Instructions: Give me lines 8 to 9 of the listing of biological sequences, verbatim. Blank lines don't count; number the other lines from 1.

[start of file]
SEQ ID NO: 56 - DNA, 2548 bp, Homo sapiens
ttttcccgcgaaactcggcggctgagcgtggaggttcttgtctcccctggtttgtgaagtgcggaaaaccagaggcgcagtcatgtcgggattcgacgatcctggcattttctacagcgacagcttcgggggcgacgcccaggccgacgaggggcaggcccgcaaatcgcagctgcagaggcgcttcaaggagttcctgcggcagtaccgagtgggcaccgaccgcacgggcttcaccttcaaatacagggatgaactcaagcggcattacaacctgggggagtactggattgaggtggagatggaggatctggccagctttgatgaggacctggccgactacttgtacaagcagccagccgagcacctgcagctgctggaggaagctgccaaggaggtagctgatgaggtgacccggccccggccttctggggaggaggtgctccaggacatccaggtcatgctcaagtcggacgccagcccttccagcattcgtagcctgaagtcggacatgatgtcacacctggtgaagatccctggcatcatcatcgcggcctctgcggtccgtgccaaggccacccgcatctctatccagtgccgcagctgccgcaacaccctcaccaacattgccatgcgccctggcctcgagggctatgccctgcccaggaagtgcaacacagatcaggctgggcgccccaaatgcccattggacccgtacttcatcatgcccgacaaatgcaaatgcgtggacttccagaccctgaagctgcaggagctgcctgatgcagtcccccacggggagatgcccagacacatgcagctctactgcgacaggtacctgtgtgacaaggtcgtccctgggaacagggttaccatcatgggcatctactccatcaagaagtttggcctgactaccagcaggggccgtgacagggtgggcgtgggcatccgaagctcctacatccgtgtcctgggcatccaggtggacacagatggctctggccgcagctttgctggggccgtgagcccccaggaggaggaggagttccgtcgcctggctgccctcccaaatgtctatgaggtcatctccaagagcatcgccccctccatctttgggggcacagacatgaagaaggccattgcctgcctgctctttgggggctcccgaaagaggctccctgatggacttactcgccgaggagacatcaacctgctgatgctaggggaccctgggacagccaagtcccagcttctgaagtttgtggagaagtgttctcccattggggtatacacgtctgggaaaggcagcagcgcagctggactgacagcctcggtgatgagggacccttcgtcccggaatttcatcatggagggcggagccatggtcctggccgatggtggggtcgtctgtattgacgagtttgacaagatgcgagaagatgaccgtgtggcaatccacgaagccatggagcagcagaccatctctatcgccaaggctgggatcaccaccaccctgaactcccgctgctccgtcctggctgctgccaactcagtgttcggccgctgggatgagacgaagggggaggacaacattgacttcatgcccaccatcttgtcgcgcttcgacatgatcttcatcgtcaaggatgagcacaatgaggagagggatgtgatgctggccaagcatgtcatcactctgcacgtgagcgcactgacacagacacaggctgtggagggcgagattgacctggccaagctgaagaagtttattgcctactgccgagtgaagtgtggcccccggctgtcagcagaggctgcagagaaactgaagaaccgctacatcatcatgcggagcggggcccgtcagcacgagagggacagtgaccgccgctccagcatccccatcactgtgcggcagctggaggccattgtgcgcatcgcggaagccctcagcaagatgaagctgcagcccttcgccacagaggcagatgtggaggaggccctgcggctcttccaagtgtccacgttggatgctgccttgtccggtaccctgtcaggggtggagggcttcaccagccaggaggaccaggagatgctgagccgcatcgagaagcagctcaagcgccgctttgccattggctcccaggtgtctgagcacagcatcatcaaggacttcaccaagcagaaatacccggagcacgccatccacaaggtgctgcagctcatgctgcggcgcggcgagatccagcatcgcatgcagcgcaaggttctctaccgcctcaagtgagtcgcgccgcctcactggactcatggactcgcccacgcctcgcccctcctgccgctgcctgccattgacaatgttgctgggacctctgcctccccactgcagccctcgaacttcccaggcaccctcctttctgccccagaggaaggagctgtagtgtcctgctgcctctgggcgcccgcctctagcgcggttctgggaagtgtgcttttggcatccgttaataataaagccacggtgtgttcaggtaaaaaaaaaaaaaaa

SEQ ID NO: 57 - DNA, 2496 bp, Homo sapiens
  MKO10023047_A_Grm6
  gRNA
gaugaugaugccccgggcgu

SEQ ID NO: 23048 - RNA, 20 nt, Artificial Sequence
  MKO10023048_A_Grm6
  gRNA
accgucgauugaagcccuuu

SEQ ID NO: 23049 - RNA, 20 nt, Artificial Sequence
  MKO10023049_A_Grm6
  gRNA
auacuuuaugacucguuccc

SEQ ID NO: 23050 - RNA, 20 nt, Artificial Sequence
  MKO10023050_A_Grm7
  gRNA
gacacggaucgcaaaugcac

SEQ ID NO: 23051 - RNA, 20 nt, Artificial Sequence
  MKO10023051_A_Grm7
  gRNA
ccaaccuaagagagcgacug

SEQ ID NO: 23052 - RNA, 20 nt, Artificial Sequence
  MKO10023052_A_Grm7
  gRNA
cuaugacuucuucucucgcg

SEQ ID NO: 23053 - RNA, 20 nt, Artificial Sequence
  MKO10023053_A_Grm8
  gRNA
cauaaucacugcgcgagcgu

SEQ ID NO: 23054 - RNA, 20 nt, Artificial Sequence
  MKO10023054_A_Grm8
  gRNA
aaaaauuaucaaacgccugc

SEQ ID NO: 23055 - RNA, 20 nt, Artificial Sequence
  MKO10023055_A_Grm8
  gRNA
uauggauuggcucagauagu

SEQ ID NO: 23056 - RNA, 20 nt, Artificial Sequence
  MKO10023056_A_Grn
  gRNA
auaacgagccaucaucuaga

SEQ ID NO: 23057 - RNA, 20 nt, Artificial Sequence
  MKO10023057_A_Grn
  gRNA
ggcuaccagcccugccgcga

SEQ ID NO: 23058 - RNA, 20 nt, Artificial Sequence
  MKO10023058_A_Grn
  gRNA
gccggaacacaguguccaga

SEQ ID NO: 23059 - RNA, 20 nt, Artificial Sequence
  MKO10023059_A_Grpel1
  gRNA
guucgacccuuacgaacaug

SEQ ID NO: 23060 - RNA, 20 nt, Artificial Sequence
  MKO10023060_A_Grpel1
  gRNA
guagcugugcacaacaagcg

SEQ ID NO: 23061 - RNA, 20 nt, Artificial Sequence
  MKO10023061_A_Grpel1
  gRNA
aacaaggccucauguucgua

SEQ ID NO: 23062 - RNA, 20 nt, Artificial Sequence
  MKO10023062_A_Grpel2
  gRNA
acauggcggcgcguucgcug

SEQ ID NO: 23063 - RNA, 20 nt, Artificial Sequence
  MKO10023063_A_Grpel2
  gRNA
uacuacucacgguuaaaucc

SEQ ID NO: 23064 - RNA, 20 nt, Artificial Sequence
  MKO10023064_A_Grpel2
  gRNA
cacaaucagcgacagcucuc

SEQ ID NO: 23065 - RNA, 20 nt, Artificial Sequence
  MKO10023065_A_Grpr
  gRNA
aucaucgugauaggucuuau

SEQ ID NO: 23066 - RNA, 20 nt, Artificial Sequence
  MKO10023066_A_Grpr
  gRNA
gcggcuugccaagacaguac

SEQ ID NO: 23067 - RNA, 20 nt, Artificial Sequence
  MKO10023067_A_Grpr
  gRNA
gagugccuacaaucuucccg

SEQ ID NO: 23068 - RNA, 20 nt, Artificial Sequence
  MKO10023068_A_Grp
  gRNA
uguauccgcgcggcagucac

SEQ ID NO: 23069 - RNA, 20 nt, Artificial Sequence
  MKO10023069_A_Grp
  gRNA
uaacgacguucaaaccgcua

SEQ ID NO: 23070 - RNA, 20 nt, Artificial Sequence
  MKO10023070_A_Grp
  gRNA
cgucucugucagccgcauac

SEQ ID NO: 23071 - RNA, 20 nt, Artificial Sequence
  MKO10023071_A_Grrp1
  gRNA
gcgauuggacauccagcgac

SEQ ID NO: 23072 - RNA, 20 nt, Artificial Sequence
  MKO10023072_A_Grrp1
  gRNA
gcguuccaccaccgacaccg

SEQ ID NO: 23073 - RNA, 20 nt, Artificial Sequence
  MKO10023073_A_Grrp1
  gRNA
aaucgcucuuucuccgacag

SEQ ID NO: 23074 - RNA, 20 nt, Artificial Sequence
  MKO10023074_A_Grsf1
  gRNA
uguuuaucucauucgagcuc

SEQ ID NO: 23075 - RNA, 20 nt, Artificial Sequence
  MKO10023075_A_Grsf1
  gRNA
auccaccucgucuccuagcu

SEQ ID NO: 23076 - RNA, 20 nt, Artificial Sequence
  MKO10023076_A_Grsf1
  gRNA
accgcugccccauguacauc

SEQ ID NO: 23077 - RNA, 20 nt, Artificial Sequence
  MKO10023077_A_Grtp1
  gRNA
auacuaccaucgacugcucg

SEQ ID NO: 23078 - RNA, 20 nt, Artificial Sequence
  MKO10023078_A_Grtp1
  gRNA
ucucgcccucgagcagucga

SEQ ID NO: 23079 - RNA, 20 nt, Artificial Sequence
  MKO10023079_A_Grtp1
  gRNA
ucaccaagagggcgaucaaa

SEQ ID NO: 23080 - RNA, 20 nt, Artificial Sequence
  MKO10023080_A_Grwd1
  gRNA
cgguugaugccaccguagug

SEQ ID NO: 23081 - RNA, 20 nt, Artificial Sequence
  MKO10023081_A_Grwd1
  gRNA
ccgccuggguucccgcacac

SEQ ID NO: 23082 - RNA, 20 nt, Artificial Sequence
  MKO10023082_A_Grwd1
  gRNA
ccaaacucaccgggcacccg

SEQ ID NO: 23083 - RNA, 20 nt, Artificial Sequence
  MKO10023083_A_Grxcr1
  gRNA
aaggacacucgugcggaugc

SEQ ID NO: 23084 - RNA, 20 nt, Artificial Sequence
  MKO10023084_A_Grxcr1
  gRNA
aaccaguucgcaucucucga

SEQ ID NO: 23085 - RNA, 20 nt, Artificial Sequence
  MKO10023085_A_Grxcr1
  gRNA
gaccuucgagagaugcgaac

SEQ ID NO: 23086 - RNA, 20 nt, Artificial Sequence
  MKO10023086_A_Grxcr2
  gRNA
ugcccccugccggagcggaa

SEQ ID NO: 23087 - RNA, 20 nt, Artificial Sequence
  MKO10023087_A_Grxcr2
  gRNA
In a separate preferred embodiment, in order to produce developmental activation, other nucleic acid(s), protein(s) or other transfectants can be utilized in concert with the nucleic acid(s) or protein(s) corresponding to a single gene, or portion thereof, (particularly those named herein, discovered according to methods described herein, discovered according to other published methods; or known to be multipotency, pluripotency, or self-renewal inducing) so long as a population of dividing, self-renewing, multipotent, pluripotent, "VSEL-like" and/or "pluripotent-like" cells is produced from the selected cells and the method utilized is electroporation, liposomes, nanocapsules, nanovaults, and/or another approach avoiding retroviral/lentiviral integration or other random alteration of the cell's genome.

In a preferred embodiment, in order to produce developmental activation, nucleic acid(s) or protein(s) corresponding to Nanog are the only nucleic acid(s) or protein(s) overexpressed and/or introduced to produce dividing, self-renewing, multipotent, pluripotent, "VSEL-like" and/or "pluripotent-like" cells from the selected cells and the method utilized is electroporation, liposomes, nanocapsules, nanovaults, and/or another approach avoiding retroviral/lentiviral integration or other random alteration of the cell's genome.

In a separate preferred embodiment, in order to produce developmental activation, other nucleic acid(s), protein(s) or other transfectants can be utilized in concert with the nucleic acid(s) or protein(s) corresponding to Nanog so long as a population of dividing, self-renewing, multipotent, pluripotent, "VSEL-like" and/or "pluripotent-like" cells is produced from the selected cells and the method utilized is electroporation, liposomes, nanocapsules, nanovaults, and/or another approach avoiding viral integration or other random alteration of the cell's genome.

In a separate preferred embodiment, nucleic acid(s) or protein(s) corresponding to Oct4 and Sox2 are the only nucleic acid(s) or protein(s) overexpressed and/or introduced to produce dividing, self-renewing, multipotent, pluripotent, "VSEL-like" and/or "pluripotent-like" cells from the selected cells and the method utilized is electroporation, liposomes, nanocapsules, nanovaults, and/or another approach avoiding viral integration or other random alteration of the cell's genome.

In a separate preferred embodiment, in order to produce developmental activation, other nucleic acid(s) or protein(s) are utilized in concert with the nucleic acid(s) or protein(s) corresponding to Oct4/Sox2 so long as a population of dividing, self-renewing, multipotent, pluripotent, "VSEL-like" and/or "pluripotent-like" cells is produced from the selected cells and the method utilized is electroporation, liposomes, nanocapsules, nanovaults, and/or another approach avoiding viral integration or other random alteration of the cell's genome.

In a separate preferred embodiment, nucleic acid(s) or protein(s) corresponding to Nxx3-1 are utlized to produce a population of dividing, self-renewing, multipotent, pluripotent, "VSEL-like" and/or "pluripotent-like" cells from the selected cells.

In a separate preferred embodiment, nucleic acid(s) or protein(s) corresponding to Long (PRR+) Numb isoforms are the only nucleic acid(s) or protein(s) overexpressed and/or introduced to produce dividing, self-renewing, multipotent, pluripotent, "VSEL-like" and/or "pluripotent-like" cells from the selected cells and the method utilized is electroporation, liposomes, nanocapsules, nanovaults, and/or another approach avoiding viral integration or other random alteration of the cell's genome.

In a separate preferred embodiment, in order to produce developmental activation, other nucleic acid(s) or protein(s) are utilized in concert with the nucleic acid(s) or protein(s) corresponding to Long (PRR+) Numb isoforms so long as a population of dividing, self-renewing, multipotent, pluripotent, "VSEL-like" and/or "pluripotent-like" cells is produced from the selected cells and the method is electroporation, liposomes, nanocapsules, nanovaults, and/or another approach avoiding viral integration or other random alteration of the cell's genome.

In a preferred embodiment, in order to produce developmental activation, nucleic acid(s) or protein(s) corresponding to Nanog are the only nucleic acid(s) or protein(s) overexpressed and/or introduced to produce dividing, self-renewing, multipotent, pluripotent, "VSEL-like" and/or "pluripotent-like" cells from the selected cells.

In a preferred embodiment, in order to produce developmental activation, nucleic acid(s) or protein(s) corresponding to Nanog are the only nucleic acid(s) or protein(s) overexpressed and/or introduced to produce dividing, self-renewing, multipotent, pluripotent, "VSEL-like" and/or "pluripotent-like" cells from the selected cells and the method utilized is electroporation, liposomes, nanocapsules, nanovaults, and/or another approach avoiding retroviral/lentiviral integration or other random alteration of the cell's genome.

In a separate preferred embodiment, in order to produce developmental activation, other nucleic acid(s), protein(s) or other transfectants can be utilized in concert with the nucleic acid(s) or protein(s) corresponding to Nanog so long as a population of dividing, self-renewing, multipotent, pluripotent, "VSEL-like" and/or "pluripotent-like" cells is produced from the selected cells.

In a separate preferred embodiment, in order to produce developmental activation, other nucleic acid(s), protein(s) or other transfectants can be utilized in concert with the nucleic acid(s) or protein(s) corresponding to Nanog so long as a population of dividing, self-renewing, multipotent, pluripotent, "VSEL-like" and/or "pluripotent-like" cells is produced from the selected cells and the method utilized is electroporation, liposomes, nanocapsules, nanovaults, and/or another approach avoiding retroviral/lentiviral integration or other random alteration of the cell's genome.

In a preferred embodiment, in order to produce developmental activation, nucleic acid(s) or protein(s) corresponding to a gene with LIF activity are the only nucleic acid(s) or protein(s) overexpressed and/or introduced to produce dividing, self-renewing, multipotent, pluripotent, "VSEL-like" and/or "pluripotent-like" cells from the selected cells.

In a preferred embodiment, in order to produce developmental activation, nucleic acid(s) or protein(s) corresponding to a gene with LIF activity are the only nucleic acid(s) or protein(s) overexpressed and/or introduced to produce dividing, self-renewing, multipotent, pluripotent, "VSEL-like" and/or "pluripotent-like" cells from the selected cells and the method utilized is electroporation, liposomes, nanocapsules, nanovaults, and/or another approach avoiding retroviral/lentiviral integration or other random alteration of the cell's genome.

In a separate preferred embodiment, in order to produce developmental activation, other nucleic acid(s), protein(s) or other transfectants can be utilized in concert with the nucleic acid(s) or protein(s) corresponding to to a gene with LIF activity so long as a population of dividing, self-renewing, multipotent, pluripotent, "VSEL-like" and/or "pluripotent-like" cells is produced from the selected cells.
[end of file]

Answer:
  MKO10023048_A_Grm6
  gRNA